A recurring issue was GCC countries’ perception of a U.S. disengagement from the region, which American officials, with mixed success to date, have been at pains to deny. Coupled to this issue is what many in the GCC believe is an unspoken American intention to increase the position and role of Iran’s involvement in the region. Were such an eventuality to occur, numerous among the GCC’s analysts are of the view that it could come only at the GCC region’s expense.

Two outstanding resource specialists, former U.S. Assistant Secretary of Defense Mary Beth Long and former U.S. Ambassador to Yemen Stephen Seche, delivered statements and fielded questions from the Senators for two hours.Their respective testimonies along with a video of the Hearing are available on the Foreign Relations Committee website.

All four of these developments serve to underscore the timeliness and relevance of GCC Secretary General Al Zayani’s following analyses and assessments at the National Council’s recent meeting and briefing.

 


A Discussion with Gulf Cooperation Council Secretary General H.E. Dr. Abdul Latif Bin Rashid Al Zayani

September 18, 2015

On Friday, September 18, 2015, the National Council on U.S.-Arab Relations and the Council’s U.S.-GCC Corporate Cooperation Committee convened an informal seminar with GCC Secretary General Dr. Abdul Latif Bin Rashid Al Zayani. Present, in addition to GCC ambassadors to the United States, were national security, defense, and other foreign affairs analysts and practitioners as well as scholars and select graduate students from area universities.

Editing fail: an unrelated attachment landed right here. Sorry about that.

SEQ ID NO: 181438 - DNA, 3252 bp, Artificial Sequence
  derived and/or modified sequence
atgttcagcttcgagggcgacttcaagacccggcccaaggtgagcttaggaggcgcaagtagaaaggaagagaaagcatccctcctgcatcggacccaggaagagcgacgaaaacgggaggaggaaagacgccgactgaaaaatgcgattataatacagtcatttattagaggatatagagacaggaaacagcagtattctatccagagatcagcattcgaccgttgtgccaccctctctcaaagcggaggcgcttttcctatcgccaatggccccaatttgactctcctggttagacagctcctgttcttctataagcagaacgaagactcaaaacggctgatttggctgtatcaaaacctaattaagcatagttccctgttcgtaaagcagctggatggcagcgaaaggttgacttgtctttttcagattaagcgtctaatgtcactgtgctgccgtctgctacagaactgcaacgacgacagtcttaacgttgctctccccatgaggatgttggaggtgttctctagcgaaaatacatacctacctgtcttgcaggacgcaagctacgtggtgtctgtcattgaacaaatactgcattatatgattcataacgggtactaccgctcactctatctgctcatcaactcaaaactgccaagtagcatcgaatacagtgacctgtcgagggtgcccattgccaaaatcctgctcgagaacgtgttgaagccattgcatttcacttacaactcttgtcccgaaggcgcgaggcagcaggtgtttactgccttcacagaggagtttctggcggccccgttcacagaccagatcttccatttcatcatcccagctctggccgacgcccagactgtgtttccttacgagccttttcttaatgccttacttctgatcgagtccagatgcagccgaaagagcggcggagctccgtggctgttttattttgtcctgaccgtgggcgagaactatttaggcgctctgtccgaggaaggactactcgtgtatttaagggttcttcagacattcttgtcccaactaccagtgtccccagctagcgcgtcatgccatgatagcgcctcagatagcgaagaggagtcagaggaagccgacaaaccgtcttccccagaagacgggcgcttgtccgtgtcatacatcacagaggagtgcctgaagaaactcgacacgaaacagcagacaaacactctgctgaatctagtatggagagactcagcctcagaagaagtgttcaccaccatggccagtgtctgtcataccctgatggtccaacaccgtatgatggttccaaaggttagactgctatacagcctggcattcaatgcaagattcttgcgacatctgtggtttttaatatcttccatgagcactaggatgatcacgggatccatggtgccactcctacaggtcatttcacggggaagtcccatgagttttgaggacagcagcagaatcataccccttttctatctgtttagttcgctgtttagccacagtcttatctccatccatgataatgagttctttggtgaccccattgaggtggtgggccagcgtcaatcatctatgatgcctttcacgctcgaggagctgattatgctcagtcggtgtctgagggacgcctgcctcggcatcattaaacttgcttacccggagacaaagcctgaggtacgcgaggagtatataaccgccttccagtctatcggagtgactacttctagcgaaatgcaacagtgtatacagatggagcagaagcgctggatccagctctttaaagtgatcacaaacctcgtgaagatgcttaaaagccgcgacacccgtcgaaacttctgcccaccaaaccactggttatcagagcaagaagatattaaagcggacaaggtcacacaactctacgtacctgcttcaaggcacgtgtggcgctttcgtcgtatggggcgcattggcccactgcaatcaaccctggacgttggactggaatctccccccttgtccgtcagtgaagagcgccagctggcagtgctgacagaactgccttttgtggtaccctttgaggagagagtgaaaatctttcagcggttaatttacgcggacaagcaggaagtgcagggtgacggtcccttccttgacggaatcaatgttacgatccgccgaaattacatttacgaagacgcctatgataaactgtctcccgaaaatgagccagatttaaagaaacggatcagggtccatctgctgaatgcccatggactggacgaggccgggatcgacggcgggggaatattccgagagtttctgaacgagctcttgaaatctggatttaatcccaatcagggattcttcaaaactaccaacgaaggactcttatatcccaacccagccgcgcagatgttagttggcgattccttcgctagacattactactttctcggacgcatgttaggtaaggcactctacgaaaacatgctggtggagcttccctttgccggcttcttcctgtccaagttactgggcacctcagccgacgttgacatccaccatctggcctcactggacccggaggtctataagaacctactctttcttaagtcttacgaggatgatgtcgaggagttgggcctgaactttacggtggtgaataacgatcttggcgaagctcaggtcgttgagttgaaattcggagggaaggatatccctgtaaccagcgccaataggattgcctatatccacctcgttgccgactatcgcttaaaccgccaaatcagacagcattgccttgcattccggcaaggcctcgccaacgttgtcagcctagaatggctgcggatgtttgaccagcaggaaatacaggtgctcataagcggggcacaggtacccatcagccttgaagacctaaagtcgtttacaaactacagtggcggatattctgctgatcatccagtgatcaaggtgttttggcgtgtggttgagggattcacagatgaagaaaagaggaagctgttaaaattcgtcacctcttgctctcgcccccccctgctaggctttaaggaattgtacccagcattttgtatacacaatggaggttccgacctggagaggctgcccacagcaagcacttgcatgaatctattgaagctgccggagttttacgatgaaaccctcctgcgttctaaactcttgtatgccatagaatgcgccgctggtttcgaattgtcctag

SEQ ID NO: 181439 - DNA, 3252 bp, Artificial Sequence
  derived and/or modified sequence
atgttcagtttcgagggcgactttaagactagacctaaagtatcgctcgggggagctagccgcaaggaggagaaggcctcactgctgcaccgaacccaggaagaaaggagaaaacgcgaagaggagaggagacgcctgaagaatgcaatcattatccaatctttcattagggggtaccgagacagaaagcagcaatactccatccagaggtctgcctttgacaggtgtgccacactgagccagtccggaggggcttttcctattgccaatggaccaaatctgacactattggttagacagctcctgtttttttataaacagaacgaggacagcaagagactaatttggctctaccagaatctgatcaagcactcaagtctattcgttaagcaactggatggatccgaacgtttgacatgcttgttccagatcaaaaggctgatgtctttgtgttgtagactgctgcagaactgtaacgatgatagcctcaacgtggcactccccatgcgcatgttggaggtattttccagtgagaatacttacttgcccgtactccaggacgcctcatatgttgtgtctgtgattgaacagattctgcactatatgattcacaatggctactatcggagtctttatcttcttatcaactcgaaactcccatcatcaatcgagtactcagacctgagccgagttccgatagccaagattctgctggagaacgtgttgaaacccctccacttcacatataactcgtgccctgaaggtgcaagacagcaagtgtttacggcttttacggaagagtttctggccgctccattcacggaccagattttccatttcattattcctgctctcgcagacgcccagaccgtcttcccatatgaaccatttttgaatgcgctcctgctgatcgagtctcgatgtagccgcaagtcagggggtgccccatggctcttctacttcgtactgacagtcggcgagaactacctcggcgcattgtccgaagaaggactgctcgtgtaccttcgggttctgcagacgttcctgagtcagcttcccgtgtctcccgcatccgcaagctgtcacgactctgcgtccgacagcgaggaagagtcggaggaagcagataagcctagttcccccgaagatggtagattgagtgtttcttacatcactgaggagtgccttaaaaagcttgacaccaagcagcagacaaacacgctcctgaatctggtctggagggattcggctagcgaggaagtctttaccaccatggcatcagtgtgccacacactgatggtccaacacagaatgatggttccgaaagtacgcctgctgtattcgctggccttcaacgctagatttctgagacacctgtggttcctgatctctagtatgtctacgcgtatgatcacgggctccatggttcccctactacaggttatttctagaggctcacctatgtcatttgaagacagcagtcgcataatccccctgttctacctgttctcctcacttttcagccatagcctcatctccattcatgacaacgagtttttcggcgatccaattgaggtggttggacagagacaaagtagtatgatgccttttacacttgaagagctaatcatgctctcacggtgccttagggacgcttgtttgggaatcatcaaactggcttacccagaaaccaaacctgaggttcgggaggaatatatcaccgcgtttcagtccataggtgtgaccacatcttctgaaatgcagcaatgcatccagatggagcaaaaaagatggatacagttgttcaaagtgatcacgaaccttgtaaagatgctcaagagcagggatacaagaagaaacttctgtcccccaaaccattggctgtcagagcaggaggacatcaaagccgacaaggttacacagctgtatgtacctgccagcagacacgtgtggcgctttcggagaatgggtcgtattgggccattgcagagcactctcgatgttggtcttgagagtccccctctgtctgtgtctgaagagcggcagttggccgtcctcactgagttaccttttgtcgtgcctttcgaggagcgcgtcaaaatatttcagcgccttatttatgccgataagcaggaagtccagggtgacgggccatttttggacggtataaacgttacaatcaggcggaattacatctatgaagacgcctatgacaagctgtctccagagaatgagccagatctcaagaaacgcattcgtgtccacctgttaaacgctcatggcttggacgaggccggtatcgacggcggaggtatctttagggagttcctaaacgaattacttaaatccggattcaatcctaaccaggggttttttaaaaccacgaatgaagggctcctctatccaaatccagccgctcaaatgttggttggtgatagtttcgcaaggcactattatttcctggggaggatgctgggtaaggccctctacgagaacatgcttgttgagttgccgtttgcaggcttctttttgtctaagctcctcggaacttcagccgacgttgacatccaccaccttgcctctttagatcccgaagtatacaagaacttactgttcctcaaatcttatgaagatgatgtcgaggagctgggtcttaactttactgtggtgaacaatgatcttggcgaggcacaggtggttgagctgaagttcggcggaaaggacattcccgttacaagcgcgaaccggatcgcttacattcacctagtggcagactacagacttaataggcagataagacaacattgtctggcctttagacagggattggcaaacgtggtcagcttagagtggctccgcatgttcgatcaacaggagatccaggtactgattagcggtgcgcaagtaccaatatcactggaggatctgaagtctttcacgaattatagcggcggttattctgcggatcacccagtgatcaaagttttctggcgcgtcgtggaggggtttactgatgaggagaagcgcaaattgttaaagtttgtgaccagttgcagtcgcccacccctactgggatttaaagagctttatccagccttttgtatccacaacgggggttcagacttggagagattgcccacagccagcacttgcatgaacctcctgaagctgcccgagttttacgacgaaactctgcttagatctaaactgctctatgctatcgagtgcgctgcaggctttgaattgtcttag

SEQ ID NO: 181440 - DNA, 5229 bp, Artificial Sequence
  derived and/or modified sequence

Dr. Al Zayani’s remarks focused on issues and interests of current and ongoing importance to the GCC and its six member-countries: Bahrain, Kuwait, Oman, Qatar, Saudi Arabia, and the United Arab Emirates. In a private meeting later with National Council President and CEO Dr. John Duke Anthony, the Secretary General agreed that the following summarization of his key points and perspectives could be published in keeping with the Council’s educational mission.

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“Envisioning the GCC’s Future: Prisms for Perspective” – Remarks from GCC Secretary General Dr. Abdul Latif Al Zayani

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Seldom is one able to gain insight into the foreign policy issues and objectives of any grouping of nations through the mind of one of its leaders. Even rarer is one introduced to the analyses and assessments of a leader of the Gulf Cooperation Council (GCC). [The GCC is comprised of Bahrain, Kuwait, Oman, Qatar, Saudi Arabia, and the United Arab Emirates.]